This year has been all about large cap growth. Behind the extraordinary gains by stocks like Apple, Microsoft, Alphabet, NVIDIA, Amazon, Tesla, and Broadcom, the majority of stocks have gone nowhere at all. The NASDAQ Composite has risen nearly 30%. The Dow Jones Industrial Average is mostly flat.
Somewhere in the middle lie the small caps.
The Russell 2000 was the first of the major US stocks indexes to trough last year: the S&P 500 bottomed in October, but the small caps managed to do so last June. Since then, though, they’ve been stuck in a year-long consolidation range, trapped between the pre-COVID highs and the March 2022 lows.
The Russell 2000 is tilted toward value, which explains some of its underperformance. And that relative weakness was among the bears’ favorite talking points: “How could anyone be bullish stocks if the small caps were closer to breaking down?”
But that weakness hasn’t been constant – over the first two months of the year, the small caps actually tracked big tech step-for-step! It wasn’t until March (when banking stresses truly came to the forefront) that the trouble started, and the index found itself down in the doldrums with the Dow.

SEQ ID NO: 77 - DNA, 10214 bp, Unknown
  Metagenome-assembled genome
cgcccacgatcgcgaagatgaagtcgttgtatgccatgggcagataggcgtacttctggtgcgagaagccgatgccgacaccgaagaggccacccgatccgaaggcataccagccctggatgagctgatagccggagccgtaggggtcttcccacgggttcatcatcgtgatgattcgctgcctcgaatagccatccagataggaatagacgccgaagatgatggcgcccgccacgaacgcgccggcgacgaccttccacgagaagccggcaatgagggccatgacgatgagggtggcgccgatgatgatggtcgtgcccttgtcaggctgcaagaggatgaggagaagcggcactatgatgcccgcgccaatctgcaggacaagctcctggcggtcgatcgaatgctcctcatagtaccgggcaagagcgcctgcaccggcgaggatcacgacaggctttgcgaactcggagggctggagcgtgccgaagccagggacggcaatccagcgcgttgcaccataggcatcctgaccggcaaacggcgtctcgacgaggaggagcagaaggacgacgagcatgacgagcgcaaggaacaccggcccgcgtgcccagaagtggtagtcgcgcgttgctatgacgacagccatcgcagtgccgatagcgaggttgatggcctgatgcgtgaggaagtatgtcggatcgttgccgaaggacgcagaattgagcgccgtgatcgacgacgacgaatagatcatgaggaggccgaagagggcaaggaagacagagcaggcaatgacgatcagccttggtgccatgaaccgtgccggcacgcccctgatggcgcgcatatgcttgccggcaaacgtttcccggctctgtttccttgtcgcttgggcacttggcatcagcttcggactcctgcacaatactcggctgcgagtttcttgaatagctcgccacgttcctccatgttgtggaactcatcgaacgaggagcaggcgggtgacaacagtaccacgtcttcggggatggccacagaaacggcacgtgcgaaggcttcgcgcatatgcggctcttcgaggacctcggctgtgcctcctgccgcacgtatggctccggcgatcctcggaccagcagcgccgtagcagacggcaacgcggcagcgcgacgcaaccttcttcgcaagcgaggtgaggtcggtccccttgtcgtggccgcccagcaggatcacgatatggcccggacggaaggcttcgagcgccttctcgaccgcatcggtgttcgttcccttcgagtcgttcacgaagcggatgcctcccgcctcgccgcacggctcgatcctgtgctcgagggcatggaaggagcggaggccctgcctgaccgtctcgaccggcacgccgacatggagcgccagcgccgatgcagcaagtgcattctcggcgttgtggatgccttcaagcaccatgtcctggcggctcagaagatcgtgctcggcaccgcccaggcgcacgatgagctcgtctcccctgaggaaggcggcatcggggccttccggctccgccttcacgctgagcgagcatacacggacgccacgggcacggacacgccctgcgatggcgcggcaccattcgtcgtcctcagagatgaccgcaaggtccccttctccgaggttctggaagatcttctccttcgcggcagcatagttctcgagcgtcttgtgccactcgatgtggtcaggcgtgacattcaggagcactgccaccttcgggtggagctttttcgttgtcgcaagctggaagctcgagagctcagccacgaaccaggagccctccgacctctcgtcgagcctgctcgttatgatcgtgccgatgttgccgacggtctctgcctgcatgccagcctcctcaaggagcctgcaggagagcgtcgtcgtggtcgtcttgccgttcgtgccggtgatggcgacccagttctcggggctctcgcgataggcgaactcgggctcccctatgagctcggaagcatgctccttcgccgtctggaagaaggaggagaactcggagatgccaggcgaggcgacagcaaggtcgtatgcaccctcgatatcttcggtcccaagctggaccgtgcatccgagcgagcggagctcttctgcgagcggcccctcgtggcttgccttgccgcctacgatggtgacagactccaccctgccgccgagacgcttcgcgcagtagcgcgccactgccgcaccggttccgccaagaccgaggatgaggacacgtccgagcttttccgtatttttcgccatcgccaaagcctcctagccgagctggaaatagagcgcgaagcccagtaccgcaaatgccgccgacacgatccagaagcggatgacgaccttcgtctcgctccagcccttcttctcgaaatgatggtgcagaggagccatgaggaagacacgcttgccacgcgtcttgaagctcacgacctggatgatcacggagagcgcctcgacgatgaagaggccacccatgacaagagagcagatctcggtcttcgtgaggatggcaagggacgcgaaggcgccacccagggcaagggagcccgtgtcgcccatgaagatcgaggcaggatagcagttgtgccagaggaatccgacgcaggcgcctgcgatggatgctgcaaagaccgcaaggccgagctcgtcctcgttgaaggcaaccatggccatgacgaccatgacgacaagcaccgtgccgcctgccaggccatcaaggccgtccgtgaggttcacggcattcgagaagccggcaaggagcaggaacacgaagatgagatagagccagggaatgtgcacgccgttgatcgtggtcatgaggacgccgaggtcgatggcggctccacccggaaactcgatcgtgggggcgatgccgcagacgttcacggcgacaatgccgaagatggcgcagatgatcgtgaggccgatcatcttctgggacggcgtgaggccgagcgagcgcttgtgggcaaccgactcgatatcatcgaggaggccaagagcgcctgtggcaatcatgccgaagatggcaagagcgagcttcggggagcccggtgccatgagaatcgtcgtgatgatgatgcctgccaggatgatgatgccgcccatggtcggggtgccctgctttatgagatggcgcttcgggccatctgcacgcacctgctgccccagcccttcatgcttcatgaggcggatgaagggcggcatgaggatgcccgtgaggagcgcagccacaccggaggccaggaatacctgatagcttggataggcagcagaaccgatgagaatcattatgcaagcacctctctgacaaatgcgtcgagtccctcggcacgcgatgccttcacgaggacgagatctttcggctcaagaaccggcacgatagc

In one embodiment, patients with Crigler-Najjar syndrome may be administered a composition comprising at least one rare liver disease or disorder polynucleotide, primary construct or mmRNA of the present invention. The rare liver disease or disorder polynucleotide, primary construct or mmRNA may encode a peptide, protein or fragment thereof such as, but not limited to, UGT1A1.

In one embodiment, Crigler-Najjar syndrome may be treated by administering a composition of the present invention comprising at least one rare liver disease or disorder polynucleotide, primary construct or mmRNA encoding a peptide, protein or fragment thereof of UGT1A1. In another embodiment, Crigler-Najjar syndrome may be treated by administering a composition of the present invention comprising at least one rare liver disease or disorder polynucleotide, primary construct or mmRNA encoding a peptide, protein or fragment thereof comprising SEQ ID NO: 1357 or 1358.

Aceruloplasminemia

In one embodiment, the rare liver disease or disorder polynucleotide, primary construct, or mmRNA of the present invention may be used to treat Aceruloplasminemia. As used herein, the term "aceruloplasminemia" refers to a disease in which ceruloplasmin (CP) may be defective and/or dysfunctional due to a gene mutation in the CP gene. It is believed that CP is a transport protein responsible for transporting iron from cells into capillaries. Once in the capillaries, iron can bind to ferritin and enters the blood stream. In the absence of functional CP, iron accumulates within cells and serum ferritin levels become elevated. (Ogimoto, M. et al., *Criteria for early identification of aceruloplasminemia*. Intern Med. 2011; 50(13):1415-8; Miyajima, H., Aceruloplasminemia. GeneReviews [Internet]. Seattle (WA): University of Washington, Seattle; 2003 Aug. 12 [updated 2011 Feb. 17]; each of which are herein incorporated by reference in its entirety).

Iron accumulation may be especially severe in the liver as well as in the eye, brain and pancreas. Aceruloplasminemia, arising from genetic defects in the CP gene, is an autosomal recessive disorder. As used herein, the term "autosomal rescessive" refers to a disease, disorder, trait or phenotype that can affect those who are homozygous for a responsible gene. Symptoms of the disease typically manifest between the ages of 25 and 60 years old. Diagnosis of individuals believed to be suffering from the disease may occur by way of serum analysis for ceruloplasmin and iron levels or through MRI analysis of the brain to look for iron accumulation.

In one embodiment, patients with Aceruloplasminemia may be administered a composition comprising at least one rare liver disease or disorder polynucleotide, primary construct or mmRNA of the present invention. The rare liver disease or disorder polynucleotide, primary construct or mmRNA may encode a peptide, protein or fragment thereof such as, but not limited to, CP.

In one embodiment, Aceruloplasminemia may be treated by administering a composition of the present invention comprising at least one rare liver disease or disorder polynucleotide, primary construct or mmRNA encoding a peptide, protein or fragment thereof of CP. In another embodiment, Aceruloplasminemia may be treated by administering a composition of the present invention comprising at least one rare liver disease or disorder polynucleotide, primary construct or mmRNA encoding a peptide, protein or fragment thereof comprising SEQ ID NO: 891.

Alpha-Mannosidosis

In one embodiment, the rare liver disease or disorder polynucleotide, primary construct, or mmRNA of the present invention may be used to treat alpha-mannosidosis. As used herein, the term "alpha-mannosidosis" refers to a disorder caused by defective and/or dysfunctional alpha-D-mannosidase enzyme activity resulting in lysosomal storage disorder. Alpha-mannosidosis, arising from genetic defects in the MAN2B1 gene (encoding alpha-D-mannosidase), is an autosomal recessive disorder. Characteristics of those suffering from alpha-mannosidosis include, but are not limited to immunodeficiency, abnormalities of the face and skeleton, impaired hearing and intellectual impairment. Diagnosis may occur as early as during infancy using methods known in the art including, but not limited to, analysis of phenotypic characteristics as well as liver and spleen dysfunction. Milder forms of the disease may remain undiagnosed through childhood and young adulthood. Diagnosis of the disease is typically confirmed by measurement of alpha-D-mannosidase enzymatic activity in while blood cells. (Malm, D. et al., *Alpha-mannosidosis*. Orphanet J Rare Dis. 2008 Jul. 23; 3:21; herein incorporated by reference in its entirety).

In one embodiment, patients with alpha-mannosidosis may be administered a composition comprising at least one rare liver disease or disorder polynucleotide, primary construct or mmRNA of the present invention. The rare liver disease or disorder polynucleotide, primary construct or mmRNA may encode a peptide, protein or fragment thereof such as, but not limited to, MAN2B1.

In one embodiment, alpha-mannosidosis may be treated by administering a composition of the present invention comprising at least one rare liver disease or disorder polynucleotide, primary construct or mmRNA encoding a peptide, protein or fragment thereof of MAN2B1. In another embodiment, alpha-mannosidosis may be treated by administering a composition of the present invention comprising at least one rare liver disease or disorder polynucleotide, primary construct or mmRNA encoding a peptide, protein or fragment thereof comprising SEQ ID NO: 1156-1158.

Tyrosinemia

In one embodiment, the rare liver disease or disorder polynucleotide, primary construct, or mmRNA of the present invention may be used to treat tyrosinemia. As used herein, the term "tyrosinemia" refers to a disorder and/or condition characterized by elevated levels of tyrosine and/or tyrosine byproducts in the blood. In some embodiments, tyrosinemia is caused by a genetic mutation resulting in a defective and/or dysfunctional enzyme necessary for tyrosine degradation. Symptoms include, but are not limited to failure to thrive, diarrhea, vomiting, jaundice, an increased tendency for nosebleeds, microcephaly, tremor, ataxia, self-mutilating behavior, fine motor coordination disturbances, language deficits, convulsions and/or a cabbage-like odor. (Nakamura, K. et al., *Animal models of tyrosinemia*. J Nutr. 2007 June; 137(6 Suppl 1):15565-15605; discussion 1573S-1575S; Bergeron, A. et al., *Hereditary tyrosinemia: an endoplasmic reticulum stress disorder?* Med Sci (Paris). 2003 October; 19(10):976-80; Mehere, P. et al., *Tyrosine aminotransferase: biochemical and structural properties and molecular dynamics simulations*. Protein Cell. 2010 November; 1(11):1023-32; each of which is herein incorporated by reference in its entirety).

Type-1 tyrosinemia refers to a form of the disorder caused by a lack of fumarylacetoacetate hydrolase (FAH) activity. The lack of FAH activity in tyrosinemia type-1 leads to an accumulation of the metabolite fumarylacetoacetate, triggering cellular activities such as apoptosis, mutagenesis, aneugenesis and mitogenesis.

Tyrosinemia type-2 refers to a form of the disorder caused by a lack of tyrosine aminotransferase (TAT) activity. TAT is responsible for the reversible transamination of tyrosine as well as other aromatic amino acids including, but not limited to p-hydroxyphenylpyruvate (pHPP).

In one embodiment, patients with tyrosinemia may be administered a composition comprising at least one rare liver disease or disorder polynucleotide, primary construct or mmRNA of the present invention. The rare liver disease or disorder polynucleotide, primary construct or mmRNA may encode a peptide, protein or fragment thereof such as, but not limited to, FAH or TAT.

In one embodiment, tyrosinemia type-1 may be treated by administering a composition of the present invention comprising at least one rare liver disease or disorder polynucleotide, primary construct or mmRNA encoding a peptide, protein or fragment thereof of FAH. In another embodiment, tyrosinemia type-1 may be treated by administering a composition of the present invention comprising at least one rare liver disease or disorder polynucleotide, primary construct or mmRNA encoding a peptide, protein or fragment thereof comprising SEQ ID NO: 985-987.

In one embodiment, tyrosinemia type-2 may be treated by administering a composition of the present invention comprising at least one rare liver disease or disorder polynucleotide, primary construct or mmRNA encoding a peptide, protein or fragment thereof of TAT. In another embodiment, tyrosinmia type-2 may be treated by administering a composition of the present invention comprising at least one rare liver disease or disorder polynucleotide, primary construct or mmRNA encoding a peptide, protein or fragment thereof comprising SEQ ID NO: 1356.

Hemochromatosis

Over the past two weeks, though, something has changed. The Russell 2000 is the leader so far in June, rising 6.5% and outpacing even the mighty mega caps.
Is it time to buy the small caps?
Here’s one chart that says we should. The ratio of the Russell 2000 compared to the S&P 500 is rallying off support at the COVID lows. Last time we were here, the small caps went on a 12-month, 40% run of outperformance vs. the benchmark index. Who’s to say they can’t do it again?
Especially impressive is that big bullish momentum divergence at the lows. Momentum actually troughed back in the middle of March and failed to even approach oversold territory at the most recent low! Divergences don’t get much better than that.
Of course, divergences mean nothing without price confirmation, and when we take a shorter-term look at the chart above, we can see how stiff the near-term resistance for this ratio is:
The lows from last spring are the level to watch. If the small caps are able to move above that level on a relative basis, they’re probably knocking on the door of new 52-week highs. And that could just be the start of their outperformance.